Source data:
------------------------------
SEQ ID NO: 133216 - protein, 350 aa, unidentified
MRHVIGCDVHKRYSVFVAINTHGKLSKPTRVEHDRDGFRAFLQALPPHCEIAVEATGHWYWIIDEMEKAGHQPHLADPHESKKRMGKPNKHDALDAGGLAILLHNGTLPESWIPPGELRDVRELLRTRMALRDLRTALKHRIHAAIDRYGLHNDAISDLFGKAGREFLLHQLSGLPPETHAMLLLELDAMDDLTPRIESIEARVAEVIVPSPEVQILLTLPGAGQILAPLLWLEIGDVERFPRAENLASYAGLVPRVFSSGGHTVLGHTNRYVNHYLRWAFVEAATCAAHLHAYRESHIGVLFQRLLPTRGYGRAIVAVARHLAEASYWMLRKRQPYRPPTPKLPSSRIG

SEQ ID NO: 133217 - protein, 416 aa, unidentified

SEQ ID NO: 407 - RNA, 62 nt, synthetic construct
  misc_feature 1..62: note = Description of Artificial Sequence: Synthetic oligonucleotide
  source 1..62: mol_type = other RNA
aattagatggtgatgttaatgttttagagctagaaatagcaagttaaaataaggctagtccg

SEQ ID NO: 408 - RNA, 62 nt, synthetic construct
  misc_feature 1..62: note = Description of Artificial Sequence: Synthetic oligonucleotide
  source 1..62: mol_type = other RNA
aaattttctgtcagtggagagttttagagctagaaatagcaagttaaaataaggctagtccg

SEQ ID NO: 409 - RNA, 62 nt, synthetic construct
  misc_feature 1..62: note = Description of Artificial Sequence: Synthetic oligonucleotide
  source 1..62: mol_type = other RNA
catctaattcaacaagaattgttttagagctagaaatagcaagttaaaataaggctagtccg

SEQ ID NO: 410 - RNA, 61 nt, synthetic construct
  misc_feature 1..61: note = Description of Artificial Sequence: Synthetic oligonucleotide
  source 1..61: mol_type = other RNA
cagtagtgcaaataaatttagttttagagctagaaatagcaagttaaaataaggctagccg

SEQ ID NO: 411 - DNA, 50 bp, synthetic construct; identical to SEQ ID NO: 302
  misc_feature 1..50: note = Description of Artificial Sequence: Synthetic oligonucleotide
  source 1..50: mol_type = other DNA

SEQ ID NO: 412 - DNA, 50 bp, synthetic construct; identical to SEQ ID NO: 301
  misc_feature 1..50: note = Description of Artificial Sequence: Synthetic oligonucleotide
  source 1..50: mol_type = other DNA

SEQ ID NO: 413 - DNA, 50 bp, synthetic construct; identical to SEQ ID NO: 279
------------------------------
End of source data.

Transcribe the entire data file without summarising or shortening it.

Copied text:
SEQ ID NO: 133216 - protein, 350 aa, unidentified
MRHVIGCDVHKRYSVFVAINTHGKLSKPTRVEHDRDGFRAFLQALPPHCEIAVEATGHWYWIIDEMEKAGHQPHLADPHESKKRMGKPNKHDALDAGGLAILLHNGTLPESWIPPGELRDVRELLRTRMALRDLRTALKHRIHAAIDRYGLHNDAISDLFGKAGREFLLHQLSGLPPETHAMLLLELDAMDDLTPRIESIEARVAEVIVPSPEVQILLTLPGAGQILAPLLWLEIGDVERFPRAENLASYAGLVPRVFSSGGHTVLGHTNRYVNHYLRWAFVEAATCAAHLHAYRESHIGVLFQRLLPTRGYGRAIVAVARHLAEASYWMLRKRQPYRPPTPKLPSSRIG

SEQ ID NO: 133217 - protein, 416 aa, unidentified

SEQ ID NO: 407 - RNA, 62 nt, synthetic construct
  misc_feature 1..62: note = Description of Artificial Sequence: Synthetic oligonucleotide
  source 1..62: mol_type = other RNA
aattagatggtgatgttaatgttttagagctagaaatagcaagttaaaataaggctagtccg

SEQ ID NO: 408 - RNA, 62 nt, synthetic construct
  misc_feature 1..62: note = Description of Artificial Sequence: Synthetic oligonucleotide
  source 1..62: mol_type = other RNA
aaattttctgtcagtggagagttttagagctagaaatagcaagttaaaataaggctagtccg

SEQ ID NO: 409 - RNA, 62 nt, synthetic construct
  misc_feature 1..62: note = Description of Artificial Sequence: Synthetic oligonucleotide
  source 1..62: mol_type = other RNA
catctaattcaacaagaattgttttagagctagaaatagcaagttaaaataaggctagtccg

SEQ ID NO: 410 - RNA, 61 nt, synthetic construct
  misc_feature 1..61: note = Description of Artificial Sequence: Synthetic oligonucleotide
  source 1..61: mol_type = other RNA
cagtagtgcaaataaatttagttttagagctagaaatagcaagttaaaataaggctagccg

SEQ ID NO: 411 - DNA, 50 bp, synthetic construct; identical to SEQ ID NO: 302
  misc_feature 1..50: note = Description of Artificial Sequence: Synthetic oligonucleotide
  source 1..50: mol_type = other DNA

SEQ ID NO: 412 - DNA, 50 bp, synthetic construct; identical to SEQ ID NO: 301
  misc_feature 1..50: note = Description of Artificial Sequence: Synthetic oligonucleotide
  source 1..50: mol_type = other DNA

SEQ ID NO: 413 - DNA, 50 bp, synthetic construct; identical to SEQ ID NO: 279